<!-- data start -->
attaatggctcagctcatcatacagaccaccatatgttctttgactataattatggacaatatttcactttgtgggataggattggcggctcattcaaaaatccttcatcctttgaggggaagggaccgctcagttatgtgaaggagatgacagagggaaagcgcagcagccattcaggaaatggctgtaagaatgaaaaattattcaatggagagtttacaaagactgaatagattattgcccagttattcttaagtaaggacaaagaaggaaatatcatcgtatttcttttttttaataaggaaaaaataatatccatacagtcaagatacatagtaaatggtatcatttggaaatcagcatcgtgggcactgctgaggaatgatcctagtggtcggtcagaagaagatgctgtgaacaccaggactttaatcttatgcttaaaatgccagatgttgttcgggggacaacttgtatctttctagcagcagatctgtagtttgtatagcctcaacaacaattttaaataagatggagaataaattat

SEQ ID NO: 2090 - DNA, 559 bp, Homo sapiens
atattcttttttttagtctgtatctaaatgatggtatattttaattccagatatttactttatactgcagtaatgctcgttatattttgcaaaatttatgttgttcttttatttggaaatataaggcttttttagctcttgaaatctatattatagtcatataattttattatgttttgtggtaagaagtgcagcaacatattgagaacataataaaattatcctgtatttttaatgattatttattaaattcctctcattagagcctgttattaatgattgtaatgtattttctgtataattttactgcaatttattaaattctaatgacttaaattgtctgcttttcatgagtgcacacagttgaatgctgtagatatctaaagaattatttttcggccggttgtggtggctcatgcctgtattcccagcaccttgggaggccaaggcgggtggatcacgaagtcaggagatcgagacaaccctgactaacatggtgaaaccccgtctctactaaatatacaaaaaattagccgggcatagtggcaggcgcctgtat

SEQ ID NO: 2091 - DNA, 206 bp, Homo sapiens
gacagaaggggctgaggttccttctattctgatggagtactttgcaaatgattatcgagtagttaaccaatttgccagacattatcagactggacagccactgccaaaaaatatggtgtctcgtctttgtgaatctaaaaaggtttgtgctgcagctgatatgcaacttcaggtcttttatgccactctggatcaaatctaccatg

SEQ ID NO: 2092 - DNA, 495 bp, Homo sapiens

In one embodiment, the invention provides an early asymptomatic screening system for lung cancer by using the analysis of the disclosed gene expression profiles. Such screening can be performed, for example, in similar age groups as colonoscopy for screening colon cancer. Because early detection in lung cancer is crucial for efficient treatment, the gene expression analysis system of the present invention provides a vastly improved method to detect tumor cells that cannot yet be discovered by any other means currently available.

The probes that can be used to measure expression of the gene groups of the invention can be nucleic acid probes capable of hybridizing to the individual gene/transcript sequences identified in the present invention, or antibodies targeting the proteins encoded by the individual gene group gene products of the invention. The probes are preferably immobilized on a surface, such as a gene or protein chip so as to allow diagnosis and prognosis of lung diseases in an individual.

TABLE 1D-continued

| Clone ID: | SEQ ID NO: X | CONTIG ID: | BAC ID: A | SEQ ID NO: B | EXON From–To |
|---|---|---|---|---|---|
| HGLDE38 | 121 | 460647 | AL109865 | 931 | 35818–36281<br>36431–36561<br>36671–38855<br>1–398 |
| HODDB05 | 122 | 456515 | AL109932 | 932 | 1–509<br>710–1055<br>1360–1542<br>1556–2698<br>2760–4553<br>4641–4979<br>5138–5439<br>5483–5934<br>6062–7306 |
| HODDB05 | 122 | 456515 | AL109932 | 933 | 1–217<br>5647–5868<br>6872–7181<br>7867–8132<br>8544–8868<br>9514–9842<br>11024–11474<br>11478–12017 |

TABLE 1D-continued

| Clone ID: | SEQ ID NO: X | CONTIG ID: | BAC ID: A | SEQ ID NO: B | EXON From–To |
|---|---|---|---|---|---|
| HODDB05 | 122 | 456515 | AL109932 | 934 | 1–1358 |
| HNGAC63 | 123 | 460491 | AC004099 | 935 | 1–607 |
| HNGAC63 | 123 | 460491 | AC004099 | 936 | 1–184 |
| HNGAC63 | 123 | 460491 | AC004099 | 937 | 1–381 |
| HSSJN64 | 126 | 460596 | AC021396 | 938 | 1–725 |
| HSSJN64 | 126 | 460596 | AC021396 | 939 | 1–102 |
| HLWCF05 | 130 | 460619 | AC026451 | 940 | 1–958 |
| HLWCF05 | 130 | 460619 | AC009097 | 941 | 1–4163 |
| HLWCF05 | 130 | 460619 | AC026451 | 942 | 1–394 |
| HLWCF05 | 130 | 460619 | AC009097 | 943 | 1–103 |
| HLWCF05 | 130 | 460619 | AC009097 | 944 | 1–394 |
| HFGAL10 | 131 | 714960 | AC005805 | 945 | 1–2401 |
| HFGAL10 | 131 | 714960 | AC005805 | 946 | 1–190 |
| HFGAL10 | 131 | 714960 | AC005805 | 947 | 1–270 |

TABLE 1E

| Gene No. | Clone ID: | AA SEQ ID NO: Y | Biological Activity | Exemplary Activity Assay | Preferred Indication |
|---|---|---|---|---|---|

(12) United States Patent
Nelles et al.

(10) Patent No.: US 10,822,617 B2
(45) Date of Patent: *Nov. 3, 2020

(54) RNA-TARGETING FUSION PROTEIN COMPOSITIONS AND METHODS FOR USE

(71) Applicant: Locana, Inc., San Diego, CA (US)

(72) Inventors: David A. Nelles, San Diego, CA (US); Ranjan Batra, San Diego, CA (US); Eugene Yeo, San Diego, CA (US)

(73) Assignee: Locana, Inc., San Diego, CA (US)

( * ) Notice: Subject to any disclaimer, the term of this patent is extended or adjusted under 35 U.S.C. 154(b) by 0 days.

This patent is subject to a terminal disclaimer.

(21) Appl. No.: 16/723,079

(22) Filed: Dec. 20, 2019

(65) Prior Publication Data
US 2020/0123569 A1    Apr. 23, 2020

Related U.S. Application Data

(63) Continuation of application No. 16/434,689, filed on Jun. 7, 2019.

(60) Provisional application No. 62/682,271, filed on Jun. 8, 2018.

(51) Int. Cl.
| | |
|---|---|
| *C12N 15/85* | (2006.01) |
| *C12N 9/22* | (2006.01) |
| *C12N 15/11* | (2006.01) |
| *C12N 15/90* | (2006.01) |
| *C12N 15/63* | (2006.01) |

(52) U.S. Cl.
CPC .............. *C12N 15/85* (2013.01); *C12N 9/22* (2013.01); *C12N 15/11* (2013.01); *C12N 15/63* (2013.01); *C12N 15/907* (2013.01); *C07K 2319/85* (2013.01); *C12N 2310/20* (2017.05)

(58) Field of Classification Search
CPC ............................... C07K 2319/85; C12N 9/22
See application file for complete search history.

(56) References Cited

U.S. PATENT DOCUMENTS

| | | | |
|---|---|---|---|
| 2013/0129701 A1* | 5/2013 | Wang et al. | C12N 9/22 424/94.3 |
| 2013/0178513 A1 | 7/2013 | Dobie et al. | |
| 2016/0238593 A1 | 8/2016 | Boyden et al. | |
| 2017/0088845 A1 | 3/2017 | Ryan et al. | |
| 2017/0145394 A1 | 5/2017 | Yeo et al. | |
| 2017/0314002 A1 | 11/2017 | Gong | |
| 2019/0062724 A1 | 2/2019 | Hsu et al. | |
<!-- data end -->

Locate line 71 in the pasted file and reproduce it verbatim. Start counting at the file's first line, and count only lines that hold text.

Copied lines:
| 2016/0238593 A1 | 8/2016 | Boyden et al. | |